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Natural killer (NK) cells are lymphocytes endowed with cytotoxicity against aberrant
cells, including transformed and virus-infected cells. NK cell function is dictated by a
fine-tuned interplay between activating and inhibitory receptors expressed on the NK
cell surface. While the different activating receptors interact with unique ligands present
on healthy or transformed cells, inhibitory NKG2A and killer immunoglobulin-like
receptors (KIRs) invariably recognize HLA class I molecules. The purpose of this thesis
was to elucidate how interactions between inhibitory NK cell receptors and HLA class I
impact on anti-leukemic functions of NK cells and on NK cell-mediated termination of
inflammation. In a phase IV trial, 81 AML patients received histamine dihydrochloride
and low-dose interleukin-2 (HDC/IL-2) for the prevention of recurrence of leukemia
after the completion of chemotherapy. The trial comprised immunophenotyping of
serial blood samples along with KIR/HLA genotyping and assessment of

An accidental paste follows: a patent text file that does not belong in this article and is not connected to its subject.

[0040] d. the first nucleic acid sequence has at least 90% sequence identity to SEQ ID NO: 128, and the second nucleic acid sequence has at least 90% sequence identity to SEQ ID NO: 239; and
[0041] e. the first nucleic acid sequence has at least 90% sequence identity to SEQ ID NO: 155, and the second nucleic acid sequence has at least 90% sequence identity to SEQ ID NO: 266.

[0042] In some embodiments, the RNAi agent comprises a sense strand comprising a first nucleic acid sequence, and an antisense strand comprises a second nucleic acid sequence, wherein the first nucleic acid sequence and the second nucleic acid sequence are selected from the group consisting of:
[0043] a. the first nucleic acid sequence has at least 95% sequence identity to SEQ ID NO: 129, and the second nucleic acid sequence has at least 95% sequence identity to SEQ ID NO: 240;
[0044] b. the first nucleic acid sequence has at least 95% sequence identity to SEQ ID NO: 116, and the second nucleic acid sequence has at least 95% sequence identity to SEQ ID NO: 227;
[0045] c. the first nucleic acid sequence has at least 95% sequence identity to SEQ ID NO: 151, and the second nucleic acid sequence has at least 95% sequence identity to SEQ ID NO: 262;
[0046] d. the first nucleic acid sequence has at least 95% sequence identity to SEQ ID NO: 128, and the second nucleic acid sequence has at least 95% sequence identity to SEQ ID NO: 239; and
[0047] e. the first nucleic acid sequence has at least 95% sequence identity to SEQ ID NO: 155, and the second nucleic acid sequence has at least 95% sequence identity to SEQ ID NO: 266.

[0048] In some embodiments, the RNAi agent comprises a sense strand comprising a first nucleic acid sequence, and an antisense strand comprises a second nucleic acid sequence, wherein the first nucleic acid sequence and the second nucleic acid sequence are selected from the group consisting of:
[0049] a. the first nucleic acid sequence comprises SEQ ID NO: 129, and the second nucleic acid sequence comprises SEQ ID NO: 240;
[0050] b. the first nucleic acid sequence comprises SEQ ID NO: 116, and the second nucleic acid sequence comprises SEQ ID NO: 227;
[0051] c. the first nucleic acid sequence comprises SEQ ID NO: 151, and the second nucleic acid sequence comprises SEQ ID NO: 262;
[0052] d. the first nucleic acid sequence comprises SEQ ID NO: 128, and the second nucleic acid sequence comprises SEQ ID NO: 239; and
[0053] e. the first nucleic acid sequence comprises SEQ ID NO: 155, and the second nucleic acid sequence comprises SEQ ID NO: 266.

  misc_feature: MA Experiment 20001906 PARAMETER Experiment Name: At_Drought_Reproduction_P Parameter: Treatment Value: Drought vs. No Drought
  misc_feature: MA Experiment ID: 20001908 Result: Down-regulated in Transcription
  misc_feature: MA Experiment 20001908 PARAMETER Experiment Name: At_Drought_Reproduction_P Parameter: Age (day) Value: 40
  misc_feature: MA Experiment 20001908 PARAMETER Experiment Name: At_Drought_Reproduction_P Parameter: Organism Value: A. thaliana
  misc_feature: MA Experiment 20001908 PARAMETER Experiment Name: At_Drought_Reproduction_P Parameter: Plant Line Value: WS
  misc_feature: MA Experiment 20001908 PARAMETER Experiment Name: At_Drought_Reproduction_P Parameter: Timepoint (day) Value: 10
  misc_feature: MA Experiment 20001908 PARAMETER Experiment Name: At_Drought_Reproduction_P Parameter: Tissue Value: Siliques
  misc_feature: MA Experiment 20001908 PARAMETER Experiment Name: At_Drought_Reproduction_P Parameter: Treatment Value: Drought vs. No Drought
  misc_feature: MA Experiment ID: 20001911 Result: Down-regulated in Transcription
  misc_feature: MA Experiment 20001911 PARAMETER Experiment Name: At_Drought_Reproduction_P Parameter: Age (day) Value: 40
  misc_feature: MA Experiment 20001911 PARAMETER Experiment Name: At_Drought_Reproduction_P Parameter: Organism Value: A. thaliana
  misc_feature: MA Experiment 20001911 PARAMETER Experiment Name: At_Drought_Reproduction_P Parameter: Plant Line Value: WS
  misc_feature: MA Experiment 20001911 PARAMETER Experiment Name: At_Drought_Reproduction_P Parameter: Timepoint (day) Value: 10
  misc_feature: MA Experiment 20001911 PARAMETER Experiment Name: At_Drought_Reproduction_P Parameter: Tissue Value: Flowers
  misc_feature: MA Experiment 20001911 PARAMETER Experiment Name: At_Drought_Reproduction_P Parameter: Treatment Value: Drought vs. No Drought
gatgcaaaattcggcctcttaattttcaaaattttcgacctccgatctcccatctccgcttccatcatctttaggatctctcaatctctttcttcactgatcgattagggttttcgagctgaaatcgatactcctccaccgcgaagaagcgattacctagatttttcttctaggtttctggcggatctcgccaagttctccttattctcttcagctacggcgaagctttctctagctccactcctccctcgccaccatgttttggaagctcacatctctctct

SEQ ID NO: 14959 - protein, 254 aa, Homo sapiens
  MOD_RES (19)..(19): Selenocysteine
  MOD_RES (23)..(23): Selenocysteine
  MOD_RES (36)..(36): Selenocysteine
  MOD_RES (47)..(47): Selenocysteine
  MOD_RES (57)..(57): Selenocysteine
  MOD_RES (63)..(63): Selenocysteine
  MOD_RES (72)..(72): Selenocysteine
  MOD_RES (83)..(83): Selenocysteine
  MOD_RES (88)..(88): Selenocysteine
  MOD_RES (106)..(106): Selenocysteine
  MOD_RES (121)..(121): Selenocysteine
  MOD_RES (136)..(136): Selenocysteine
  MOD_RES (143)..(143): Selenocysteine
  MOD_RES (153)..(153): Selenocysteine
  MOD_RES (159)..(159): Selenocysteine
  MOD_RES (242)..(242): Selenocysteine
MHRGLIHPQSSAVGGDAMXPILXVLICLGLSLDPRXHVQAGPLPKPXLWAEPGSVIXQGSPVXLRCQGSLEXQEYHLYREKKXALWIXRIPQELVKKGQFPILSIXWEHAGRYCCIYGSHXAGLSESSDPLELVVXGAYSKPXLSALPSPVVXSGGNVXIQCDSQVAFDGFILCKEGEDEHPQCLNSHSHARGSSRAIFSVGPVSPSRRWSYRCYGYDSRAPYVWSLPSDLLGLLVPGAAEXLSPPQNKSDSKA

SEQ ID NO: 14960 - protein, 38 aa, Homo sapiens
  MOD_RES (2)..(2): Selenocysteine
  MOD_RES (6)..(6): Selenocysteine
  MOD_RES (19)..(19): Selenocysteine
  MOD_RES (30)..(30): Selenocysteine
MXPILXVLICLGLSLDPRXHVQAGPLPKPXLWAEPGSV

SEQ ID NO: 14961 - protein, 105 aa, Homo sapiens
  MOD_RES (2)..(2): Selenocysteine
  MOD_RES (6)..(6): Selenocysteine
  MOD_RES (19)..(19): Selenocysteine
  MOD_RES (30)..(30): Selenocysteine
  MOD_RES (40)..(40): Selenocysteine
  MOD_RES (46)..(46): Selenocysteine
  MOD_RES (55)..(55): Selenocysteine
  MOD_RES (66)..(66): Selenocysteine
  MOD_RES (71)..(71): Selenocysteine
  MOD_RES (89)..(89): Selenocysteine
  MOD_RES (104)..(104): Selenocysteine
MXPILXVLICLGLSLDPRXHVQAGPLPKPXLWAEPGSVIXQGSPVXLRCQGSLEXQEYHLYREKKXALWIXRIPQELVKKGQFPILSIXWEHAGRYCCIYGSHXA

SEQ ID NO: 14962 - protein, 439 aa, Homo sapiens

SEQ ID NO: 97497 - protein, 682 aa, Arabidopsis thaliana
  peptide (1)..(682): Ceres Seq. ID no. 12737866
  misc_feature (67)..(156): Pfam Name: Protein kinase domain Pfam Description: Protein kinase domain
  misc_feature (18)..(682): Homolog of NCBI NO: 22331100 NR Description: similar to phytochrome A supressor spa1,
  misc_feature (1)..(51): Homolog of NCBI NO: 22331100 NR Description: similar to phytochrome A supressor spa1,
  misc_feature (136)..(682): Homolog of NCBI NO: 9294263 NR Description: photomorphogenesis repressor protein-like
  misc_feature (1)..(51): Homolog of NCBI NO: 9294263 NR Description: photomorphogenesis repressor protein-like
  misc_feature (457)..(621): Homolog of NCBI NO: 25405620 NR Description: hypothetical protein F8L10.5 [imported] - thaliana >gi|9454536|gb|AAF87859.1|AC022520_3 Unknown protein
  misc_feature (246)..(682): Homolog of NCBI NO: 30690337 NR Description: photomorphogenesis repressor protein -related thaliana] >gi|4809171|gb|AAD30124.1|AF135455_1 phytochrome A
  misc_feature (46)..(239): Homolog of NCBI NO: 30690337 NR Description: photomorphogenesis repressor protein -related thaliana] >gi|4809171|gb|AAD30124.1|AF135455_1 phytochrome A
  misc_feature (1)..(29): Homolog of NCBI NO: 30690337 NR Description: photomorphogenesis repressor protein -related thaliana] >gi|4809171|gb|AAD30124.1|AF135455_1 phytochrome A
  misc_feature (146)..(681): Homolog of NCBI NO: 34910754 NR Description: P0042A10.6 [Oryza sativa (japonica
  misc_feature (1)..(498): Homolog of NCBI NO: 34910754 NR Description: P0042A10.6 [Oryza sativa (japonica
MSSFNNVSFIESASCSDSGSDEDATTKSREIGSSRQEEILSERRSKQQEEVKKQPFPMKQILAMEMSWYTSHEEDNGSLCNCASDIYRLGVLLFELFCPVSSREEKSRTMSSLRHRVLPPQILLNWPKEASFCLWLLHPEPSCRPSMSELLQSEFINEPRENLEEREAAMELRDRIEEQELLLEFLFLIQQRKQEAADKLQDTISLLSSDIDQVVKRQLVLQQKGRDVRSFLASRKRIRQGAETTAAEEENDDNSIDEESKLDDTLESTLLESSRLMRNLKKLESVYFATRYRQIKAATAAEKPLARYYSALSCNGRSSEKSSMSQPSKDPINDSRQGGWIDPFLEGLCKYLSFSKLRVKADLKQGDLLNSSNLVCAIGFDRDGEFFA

cytomegalovirus (CMV) serostatus. Results from papers I and II imply a beneficial role
of NK cell subsets that are less inhibited by HLA while prior CMV infection, which
promotes the expression of additional KIRs, impacted negatively on relapse risk and
survival. Additionally, a single nucleotide polymorphism in HLA-B that dictates NK cell
inhibition to be preferentially mediated by NKG2A impacted positively on outcome in
this trial (paper III). The relevance of the interplay between activating and HLAmediated
inhibitory signaling was further illustrated in a non-malignant setting in paper
IV, where modulation of NK cell receptor ligands expressed by inflammatory
neutrophils was associated with enhanced susceptibility to NK cell cytotoxicity. In
conclusion, these studies support i) that low-grade KIR-mediated inhibition of NK cells
is relevant for the benefit of relapse-preventive immunotherapy in AML and ii) that NK
cells participate in the resolution of inflammation.